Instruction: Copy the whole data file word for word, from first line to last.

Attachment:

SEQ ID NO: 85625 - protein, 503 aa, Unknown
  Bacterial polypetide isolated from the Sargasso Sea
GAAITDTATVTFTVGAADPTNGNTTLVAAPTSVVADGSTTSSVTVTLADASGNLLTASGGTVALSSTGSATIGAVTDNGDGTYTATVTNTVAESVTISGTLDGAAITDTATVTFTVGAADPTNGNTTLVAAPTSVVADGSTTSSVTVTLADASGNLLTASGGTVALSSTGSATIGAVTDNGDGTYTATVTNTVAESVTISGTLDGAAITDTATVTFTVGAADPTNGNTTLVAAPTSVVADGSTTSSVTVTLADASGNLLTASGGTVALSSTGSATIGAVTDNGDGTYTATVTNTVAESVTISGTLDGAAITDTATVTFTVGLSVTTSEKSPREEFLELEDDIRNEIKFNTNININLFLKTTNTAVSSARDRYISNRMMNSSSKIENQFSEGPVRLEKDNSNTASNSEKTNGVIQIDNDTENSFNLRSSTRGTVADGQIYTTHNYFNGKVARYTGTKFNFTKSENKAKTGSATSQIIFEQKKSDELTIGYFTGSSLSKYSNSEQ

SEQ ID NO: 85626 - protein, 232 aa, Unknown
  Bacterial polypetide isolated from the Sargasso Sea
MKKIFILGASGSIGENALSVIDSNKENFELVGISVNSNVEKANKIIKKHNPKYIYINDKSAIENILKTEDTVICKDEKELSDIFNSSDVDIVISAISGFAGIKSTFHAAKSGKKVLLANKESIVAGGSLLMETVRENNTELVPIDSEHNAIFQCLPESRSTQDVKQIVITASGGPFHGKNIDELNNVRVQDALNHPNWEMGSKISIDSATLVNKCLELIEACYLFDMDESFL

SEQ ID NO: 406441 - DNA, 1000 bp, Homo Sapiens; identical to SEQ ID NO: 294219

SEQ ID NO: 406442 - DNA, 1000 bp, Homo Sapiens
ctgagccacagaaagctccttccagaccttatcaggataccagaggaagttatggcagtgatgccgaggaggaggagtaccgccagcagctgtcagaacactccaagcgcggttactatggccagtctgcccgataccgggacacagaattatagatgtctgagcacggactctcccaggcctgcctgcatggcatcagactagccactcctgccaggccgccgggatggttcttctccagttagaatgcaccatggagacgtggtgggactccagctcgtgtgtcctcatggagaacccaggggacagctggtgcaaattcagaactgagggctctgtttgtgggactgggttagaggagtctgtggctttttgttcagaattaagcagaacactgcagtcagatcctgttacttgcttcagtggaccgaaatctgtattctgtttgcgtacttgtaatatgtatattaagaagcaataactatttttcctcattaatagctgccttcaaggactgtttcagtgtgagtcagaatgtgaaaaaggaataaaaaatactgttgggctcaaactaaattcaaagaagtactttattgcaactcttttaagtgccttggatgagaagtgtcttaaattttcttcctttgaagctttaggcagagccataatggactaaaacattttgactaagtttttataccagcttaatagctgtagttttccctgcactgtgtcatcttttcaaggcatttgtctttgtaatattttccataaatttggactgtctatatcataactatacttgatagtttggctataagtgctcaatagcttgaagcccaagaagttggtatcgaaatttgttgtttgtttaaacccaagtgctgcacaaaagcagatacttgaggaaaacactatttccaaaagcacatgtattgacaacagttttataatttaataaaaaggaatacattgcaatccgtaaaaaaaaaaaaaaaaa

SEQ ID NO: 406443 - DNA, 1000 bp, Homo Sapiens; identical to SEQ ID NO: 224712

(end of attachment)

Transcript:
SEQ ID NO: 85625 - protein, 503 aa, Unknown
  Bacterial polypetide isolated from the Sargasso Sea
GAAITDTATVTFTVGAADPTNGNTTLVAAPTSVVADGSTTSSVTVTLADASGNLLTASGGTVALSSTGSATIGAVTDNGDGTYTATVTNTVAESVTISGTLDGAAITDTATVTFTVGAADPTNGNTTLVAAPTSVVADGSTTSSVTVTLADASGNLLTASGGTVALSSTGSATIGAVTDNGDGTYTATVTNTVAESVTISGTLDGAAITDTATVTFTVGAADPTNGNTTLVAAPTSVVADGSTTSSVTVTLADASGNLLTASGGTVALSSTGSATIGAVTDNGDGTYTATVTNTVAESVTISGTLDGAAITDTATVTFTVGLSVTTSEKSPREEFLELEDDIRNEIKFNTNININLFLKTTNTAVSSARDRYISNRMMNSSSKIENQFSEGPVRLEKDNSNTASNSEKTNGVIQIDNDTENSFNLRSSTRGTVADGQIYTTHNYFNGKVARYTGTKFNFTKSENKAKTGSATSQIIFEQKKSDELTIGYFTGSSLSKYSNSEQ

SEQ ID NO: 85626 - protein, 232 aa, Unknown
  Bacterial polypetide isolated from the Sargasso Sea
MKKIFILGASGSIGENALSVIDSNKENFELVGISVNSNVEKANKIIKKHNPKYIYINDKSAIENILKTEDTVICKDEKELSDIFNSSDVDIVISAISGFAGIKSTFHAAKSGKKVLLANKESIVAGGSLLMETVRENNTELVPIDSEHNAIFQCLPESRSTQDVKQIVITASGGPFHGKNIDELNNVRVQDALNHPNWEMGSKISIDSATLVNKCLELIEACYLFDMDESFL

SEQ ID NO: 406441 - DNA, 1000 bp, Homo Sapiens; identical to SEQ ID NO: 294219

SEQ ID NO: 406442 - DNA, 1000 bp, Homo Sapiens
ctgagccacagaaagctccttccagaccttatcaggataccagaggaagttatggcagtgatgccgaggaggaggagtaccgccagcagctgtcagaacactccaagcgcggttactatggccagtctgcccgataccgggacacagaattatagatgtctgagcacggactctcccaggcctgcctgcatggcatcagactagccactcctgccaggccgccgggatggttcttctccagttagaatgcaccatggagacgtggtgggactccagctcgtgtgtcctcatggagaacccaggggacagctggtgcaaattcagaactgagggctctgtttgtgggactgggttagaggagtctgtggctttttgttcagaattaagcagaacactgcagtcagatcctgttacttgcttcagtggaccgaaatctgtattctgtttgcgtacttgtaatatgtatattaagaagcaataactatttttcctcattaatagctgccttcaaggactgtttcagtgtgagtcagaatgtgaaaaaggaataaaaaatactgttgggctcaaactaaattcaaagaagtactttattgcaactcttttaagtgccttggatgagaagtgtcttaaattttcttcctttgaagctttaggcagagccataatggactaaaacattttgactaagtttttataccagcttaatagctgtagttttccctgcactgtgtcatcttttcaaggcatttgtctttgtaatattttccataaatttggactgtctatatcataactatacttgatagtttggctataagtgctcaatagcttgaagcccaagaagttggtatcgaaatttgttgtttgtttaaacccaagtgctgcacaaaagcagatacttgaggaaaacactatttccaaaagcacatgtattgacaacagttttataatttaataaaaaggaatacattgcaatccgtaaaaaaaaaaaaaaaaa

SEQ ID NO: 406443 - DNA, 1000 bp, Homo Sapiens; identical to SEQ ID NO: 224712